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The rough-and-tumble life of Special Forces vet and Sixties pop star Barry Sadler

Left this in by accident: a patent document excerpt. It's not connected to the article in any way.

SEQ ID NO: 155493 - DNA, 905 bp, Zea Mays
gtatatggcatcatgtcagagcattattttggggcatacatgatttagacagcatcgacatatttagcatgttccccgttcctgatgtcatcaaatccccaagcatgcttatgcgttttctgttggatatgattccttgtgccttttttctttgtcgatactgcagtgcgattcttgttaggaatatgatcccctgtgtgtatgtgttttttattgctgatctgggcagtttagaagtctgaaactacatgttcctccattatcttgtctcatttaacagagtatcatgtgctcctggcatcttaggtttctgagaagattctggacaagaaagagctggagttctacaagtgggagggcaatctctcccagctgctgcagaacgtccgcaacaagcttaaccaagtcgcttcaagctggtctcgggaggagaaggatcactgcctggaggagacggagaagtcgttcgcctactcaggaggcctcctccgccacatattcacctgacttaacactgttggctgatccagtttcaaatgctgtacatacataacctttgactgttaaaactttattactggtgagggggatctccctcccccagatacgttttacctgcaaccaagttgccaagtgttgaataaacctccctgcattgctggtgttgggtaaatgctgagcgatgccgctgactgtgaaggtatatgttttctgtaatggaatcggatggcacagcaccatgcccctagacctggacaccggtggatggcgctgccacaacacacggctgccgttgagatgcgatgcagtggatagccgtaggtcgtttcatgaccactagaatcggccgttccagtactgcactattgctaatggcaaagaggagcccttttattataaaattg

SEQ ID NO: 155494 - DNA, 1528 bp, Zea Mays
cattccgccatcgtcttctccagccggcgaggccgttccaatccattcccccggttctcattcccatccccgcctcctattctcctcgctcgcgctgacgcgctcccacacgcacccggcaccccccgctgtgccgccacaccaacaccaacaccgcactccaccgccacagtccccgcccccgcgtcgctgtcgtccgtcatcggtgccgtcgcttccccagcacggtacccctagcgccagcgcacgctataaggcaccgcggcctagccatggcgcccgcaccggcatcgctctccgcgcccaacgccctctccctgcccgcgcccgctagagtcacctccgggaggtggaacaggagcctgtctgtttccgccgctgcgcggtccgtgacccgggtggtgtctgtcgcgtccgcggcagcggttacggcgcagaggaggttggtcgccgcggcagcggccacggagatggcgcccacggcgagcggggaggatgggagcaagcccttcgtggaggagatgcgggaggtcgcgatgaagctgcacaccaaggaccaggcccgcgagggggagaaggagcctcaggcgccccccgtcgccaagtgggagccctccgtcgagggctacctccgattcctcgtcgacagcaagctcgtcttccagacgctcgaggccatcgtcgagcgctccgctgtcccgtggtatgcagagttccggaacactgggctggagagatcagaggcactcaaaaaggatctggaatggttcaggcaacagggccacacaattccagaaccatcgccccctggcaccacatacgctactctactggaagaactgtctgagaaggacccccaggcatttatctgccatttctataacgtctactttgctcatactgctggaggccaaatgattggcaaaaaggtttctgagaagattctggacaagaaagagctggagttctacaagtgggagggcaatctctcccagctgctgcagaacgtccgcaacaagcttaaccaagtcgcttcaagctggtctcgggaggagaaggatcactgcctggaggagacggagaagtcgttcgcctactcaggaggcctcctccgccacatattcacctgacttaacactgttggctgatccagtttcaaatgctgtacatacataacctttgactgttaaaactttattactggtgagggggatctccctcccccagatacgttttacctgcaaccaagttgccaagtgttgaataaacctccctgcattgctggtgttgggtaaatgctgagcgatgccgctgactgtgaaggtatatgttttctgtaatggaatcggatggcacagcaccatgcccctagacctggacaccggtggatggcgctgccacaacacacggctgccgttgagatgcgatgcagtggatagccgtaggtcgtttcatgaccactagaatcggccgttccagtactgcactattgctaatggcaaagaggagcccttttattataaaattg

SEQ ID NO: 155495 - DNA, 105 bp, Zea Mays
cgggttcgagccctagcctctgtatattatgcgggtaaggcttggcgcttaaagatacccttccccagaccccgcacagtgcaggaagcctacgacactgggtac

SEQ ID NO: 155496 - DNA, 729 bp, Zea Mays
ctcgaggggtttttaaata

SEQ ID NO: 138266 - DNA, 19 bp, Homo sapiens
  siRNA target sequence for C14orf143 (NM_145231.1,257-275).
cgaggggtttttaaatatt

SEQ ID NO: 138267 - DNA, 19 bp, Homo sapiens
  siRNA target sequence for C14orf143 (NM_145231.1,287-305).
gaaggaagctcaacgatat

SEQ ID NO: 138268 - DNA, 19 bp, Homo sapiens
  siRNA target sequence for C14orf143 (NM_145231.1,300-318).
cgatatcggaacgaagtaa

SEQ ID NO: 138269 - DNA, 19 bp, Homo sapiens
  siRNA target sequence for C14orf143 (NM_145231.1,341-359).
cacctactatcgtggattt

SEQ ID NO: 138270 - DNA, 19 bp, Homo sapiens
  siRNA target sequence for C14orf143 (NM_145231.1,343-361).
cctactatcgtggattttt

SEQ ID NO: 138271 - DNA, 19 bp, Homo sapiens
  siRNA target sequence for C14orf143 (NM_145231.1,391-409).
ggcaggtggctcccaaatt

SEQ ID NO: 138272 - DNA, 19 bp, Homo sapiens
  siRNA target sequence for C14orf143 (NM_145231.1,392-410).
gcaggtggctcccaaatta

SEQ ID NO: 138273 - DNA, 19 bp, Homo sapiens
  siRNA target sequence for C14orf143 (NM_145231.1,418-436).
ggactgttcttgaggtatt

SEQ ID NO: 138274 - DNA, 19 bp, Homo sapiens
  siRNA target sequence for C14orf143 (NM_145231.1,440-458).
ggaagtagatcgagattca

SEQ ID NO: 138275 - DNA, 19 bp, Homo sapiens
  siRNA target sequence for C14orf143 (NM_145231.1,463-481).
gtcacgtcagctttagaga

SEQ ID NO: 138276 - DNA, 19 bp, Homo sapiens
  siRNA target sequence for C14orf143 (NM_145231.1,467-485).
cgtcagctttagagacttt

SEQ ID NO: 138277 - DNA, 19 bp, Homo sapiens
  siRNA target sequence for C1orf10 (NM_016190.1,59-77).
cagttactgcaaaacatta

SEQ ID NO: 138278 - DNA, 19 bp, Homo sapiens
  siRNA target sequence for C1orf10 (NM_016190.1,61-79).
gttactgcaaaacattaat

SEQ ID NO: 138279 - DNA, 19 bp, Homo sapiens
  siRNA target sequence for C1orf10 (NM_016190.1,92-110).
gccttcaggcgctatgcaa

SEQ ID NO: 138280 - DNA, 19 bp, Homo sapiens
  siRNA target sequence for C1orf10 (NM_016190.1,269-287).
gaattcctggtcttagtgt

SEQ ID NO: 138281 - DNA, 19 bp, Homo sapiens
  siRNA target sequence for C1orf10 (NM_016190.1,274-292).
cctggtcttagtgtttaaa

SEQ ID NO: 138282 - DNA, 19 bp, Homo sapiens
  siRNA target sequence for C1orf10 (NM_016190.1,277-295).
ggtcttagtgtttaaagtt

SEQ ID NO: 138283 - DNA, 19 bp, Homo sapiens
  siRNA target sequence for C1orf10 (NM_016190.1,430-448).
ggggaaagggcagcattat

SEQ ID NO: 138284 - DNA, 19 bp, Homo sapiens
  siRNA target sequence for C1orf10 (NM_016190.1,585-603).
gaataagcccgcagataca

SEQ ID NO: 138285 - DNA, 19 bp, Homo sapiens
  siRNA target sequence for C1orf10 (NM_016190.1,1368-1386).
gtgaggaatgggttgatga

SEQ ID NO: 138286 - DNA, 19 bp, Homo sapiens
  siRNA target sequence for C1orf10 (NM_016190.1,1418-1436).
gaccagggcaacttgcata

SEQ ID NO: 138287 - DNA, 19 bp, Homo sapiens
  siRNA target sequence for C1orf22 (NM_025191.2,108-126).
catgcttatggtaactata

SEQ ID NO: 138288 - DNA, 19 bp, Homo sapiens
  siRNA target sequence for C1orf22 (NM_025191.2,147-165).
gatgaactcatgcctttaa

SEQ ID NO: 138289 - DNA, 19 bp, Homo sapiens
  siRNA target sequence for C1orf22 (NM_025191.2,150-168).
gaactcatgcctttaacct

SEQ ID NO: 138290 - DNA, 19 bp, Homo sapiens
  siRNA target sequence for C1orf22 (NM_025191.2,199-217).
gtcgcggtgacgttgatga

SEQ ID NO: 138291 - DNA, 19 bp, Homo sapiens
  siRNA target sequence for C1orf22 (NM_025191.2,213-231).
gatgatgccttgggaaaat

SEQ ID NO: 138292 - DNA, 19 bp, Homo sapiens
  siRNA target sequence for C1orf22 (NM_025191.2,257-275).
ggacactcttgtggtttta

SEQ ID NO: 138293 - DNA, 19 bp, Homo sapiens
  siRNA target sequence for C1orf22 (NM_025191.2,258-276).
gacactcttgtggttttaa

The top Billboard Hot 100 single of 1966 wasn’t “Paint It Black” or “Yellow Submarine”--it was “The Ballad of the Green Berets,” a hyper-patriotic tribute to the men of the Special Forces by Vietnam vet Staff Sergeant Barry Sadler. But Sadler’s clean-cut, all-American image hid a darker side, a Hunter Thompson-esque life of booze, girls, and guns. Unable to score another hit song, he wrote articles for Soldier of Fortune and pulp novels that made “Rambo look like a stroll through Disneyland.” He killed a lover’s ex-boyfriend in Tennessee. Settling in Central America, Sadler ran guns, allegedly trained guerrillas, provided medical care to residents, and caroused at his villa. In 1988 he was shot in the head by a robber on the streets of Guatemala and died a year later. This life-and-times biography of an American character recounts the sensational details of Sadler’s life vividly but soberly, setting his meteoric rise and tragic fall against the big picture of American society and culture during and after the Vietnam War.